PubMed 19806658

Referenced in Channelpedia wiki pages of: none

Automatically associated channels: SK1

Title: Hippocampal NMDA receptor subunits differentially regulate fear memory formation and neuronal signal propagation.

Authors: Can Gao, Martin B Gill, Natalie C Tronson, Anita L Guedea, Yomayra F Guzmán, Kyu Hwan Huh, Kevin A Corcoran, Geoffrey T Swanson, Jelena Radulovic

Journal, date & volume: Hippocampus, 2010 Sep , 20, 1072-82

PubMed link:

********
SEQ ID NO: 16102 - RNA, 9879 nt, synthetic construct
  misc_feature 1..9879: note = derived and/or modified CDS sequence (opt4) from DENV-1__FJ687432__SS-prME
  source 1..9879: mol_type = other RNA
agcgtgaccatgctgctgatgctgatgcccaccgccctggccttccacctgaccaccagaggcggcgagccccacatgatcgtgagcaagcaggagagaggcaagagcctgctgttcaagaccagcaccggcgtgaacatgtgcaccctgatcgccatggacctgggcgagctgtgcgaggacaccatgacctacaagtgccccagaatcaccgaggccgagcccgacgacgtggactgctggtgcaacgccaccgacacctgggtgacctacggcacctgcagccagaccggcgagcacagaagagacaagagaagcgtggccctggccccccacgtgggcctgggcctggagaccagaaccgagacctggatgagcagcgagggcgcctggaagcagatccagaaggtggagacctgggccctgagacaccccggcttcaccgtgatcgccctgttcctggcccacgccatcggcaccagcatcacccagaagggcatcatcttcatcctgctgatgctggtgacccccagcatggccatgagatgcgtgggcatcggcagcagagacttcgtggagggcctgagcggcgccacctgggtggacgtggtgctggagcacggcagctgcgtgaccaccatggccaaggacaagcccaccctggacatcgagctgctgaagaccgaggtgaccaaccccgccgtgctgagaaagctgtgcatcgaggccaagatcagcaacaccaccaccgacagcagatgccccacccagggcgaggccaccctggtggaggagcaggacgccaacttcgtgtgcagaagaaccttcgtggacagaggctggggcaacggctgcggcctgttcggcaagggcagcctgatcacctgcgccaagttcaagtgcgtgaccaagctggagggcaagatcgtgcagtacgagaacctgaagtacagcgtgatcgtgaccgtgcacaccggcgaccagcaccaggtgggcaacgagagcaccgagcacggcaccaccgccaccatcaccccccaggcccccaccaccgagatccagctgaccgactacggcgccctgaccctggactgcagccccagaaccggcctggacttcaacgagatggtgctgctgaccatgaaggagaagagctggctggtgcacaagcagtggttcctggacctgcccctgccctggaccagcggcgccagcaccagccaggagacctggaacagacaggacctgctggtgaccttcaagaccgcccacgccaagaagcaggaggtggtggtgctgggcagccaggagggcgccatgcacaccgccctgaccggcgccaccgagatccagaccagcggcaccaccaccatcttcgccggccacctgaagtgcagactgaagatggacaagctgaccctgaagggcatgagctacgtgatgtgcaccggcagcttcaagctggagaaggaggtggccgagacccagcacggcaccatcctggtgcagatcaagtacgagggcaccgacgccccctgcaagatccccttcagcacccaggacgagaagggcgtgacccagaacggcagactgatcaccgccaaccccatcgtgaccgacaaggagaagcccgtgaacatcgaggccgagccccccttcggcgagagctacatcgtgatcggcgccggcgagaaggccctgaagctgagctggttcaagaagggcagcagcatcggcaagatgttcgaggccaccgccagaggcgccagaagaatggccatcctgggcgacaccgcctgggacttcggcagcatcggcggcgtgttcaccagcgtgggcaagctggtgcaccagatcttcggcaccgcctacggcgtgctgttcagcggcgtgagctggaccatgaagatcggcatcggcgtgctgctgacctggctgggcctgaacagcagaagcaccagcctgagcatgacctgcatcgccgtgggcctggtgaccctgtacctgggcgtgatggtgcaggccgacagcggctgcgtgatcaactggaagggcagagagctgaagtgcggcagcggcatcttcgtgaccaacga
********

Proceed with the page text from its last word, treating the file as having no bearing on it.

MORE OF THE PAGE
Activation of NMDA receptors (NMDAR) in the hippocampus is essential for the formation of contextual and trace memory. However, the role of individual NMDAR subunits in the molecular mechanisms contributing to these memory processes is not known. Here we demonstrate, using intrahippocampal injection of subunit-selective compounds, that the NR2A-preferring antagonist impaired contextual and trace fear conditioning as well as learning-induced increase of the nuclear protein c-Fos. The NR2B-specific antagonist, on the other hand, selectively blocked trace fear conditioning without affecting c-Fos levels. Studies with cultured primary hippocampal neurons, further showed that synaptic and extrasynaptic NR2A and NR2B differentially regulate the extracellular signal-regulated kinase 1 and 2/mitogen- and stress-activated protein kinase 1 (ERK1/2/MSK1)/c-Fos pathway. Activation of the synaptic population of NMDAR induced cytosolic, cytoskeletal, and perinuclear phosphorylation of ERK1/2 (pERK1/2). The nuclear propagation of pERK1/2 signals, revealed by upregulation of the downstream nuclear targets pMSK1 and c-Fos, was blocked by a preferential NR2A but not by a specific NR2B antagonist. Conversely, activation of total (synaptic and extrasynaptic) NMDAR engaged receptors with NR2B subunits, and resulted in membrane retention of pERK1/2 without inducing pMSK1 and c-Fos. Stimulation of extrasynaptic NMDAR alone was consistently ineffective at activating ERK signaling. The discrete contribution of synaptic and total NR2A- and NR2B-containing NMDAR to nuclear transmission vs. membrane retention of ERK signaling may underlie their specific roles in the formation of contextual and trace fear memory.